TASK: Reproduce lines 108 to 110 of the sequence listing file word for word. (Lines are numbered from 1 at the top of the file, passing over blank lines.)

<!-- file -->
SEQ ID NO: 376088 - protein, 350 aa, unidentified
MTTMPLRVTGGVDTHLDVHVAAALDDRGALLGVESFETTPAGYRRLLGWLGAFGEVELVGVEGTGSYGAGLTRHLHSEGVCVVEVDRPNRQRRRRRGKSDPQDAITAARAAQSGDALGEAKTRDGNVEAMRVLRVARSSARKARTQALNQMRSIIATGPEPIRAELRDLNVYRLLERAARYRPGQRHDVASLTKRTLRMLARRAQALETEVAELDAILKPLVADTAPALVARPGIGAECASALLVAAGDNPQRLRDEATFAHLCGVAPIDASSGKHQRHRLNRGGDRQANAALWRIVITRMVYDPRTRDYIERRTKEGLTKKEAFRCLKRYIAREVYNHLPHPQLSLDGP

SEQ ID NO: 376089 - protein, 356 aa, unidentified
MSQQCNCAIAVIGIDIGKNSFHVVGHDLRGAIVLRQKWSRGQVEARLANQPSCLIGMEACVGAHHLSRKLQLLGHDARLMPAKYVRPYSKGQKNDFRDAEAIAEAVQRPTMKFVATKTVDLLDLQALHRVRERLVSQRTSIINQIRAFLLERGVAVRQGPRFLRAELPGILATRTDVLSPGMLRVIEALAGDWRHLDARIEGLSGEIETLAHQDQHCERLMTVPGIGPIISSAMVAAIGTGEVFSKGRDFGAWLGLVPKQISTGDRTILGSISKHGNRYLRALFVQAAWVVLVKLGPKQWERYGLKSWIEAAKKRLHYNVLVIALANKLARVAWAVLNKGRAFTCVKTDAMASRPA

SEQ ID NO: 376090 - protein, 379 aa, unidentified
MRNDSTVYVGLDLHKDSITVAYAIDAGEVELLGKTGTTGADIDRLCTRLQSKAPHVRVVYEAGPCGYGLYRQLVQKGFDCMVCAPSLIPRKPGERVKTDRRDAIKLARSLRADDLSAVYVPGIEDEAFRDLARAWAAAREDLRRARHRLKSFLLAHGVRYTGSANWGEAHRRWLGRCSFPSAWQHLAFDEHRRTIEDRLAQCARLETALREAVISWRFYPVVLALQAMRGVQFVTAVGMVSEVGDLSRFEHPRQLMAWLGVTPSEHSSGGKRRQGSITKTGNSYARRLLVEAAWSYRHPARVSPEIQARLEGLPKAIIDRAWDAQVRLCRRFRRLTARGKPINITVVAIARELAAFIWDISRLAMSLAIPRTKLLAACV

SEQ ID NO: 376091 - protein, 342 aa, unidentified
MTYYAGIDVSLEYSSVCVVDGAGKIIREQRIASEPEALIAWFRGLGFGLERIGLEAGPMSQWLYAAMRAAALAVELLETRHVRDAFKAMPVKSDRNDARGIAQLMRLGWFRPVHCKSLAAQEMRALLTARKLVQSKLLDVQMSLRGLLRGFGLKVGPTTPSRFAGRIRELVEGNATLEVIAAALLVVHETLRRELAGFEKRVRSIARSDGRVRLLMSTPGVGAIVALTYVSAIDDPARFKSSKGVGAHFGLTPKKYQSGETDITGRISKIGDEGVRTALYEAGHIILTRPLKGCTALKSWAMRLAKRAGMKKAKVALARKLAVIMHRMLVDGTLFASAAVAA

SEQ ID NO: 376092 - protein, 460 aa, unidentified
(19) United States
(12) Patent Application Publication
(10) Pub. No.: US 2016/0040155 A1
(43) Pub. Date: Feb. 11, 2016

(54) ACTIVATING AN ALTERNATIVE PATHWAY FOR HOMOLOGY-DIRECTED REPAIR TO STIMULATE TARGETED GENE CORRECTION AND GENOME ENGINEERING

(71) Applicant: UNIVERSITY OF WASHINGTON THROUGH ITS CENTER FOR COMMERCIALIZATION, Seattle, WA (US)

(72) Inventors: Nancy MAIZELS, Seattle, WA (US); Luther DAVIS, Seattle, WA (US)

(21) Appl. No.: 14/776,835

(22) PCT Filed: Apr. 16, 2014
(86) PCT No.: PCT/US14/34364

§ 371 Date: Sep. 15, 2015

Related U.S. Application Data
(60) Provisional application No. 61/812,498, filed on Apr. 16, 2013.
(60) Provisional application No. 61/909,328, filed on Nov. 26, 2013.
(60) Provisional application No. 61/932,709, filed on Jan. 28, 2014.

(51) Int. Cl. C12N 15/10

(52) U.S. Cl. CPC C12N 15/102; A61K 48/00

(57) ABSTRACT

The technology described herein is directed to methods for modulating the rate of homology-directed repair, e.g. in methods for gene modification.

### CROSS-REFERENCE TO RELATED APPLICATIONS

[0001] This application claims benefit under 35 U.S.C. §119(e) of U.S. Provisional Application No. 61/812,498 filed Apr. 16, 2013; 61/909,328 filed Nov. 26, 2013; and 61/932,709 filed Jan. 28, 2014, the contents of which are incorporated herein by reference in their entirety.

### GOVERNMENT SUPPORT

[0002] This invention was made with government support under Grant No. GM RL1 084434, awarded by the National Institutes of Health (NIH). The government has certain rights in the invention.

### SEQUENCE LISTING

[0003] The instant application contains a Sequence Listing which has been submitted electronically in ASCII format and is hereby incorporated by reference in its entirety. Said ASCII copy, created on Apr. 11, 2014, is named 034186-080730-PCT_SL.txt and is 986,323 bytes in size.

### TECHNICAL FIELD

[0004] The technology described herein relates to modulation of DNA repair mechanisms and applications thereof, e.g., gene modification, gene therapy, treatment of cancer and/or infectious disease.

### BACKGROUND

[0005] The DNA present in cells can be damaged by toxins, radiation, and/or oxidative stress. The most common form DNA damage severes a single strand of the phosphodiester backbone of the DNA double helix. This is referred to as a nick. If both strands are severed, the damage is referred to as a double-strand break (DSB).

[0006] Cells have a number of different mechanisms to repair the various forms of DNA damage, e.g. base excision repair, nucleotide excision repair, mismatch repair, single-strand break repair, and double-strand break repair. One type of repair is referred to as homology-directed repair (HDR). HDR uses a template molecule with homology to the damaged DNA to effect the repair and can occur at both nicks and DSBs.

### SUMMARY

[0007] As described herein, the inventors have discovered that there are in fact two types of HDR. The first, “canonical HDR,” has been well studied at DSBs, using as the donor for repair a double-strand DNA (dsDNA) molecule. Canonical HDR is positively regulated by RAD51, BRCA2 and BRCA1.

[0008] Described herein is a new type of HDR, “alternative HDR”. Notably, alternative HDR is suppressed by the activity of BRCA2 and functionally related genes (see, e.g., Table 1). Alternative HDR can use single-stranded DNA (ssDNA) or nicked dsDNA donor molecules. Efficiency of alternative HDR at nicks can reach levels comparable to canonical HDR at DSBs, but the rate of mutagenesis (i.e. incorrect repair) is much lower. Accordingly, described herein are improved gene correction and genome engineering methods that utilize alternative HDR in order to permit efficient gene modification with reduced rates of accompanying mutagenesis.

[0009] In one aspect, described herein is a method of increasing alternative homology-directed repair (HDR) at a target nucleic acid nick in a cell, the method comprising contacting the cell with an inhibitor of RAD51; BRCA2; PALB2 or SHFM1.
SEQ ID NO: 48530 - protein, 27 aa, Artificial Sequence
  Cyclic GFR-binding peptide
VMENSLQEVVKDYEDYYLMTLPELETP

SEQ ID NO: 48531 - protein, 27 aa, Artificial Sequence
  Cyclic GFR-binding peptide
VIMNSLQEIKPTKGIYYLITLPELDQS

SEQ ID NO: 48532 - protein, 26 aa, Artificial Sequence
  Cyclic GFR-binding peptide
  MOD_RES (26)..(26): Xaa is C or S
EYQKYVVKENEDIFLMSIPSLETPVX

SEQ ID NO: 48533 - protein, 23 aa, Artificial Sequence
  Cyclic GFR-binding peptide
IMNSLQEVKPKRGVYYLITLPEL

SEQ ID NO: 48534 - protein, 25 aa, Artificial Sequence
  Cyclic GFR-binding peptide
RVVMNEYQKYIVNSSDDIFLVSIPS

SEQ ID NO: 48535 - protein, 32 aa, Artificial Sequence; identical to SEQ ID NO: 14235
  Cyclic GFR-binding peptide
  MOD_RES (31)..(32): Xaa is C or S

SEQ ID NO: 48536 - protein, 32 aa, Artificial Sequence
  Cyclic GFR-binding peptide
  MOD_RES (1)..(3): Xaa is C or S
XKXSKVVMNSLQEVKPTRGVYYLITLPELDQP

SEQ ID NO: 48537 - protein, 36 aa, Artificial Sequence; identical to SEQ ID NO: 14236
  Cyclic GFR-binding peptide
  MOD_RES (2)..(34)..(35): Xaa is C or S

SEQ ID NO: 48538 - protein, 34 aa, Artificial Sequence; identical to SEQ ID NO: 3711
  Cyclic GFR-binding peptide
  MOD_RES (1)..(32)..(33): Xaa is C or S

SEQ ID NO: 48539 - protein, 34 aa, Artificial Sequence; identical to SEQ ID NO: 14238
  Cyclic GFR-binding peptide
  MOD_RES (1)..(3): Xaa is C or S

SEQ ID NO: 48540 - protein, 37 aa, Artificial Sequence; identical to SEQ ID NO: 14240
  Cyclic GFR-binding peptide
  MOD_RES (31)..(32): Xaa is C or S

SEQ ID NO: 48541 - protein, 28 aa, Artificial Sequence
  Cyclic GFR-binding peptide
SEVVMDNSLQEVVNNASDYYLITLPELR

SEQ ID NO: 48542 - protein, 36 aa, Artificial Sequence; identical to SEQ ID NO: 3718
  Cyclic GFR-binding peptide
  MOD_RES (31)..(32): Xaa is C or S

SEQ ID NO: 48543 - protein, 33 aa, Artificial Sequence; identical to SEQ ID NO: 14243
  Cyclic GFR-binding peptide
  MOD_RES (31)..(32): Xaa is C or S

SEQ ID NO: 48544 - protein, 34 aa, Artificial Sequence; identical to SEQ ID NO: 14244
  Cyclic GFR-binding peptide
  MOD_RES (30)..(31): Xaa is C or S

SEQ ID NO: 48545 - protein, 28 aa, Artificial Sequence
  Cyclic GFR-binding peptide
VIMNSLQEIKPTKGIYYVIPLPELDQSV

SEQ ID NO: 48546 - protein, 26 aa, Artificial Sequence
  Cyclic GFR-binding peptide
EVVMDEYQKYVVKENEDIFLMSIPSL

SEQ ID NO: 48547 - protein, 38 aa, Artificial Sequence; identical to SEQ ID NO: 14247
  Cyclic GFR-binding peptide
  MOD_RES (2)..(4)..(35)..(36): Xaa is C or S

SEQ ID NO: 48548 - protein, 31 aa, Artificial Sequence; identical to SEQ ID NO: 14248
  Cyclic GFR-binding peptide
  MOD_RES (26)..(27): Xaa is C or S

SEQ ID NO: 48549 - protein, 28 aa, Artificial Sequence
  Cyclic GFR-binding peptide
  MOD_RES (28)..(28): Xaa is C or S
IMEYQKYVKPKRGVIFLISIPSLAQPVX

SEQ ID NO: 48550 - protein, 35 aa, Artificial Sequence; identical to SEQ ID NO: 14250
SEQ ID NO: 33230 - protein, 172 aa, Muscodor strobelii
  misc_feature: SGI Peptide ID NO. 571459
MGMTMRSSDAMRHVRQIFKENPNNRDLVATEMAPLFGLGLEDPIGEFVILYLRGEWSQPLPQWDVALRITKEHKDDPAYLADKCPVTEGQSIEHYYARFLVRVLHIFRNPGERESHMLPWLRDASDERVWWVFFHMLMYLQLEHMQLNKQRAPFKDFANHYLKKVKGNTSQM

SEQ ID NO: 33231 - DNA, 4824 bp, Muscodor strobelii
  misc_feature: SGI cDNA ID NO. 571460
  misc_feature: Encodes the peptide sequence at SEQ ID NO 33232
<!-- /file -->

SEQ ID NO: 33230 - protein, 172 aa, Muscodor strobelii
  misc_feature: SGI Peptide ID NO. 571459
MGMTMRSSDAMRHVRQIFKENPNNRDLVATEMAPLFGLGLEDPIGEFVILYLRGEWSQPLPQWDVALRITKEHKDDPAYLADKCPVTEGQSIEHYYARFLVRVLHIFRNPGERESHMLPWLRDASDERVWWVFFHMLMYLQLEHMQLNKQRAPFKDFANHYLKKVKGNTSQM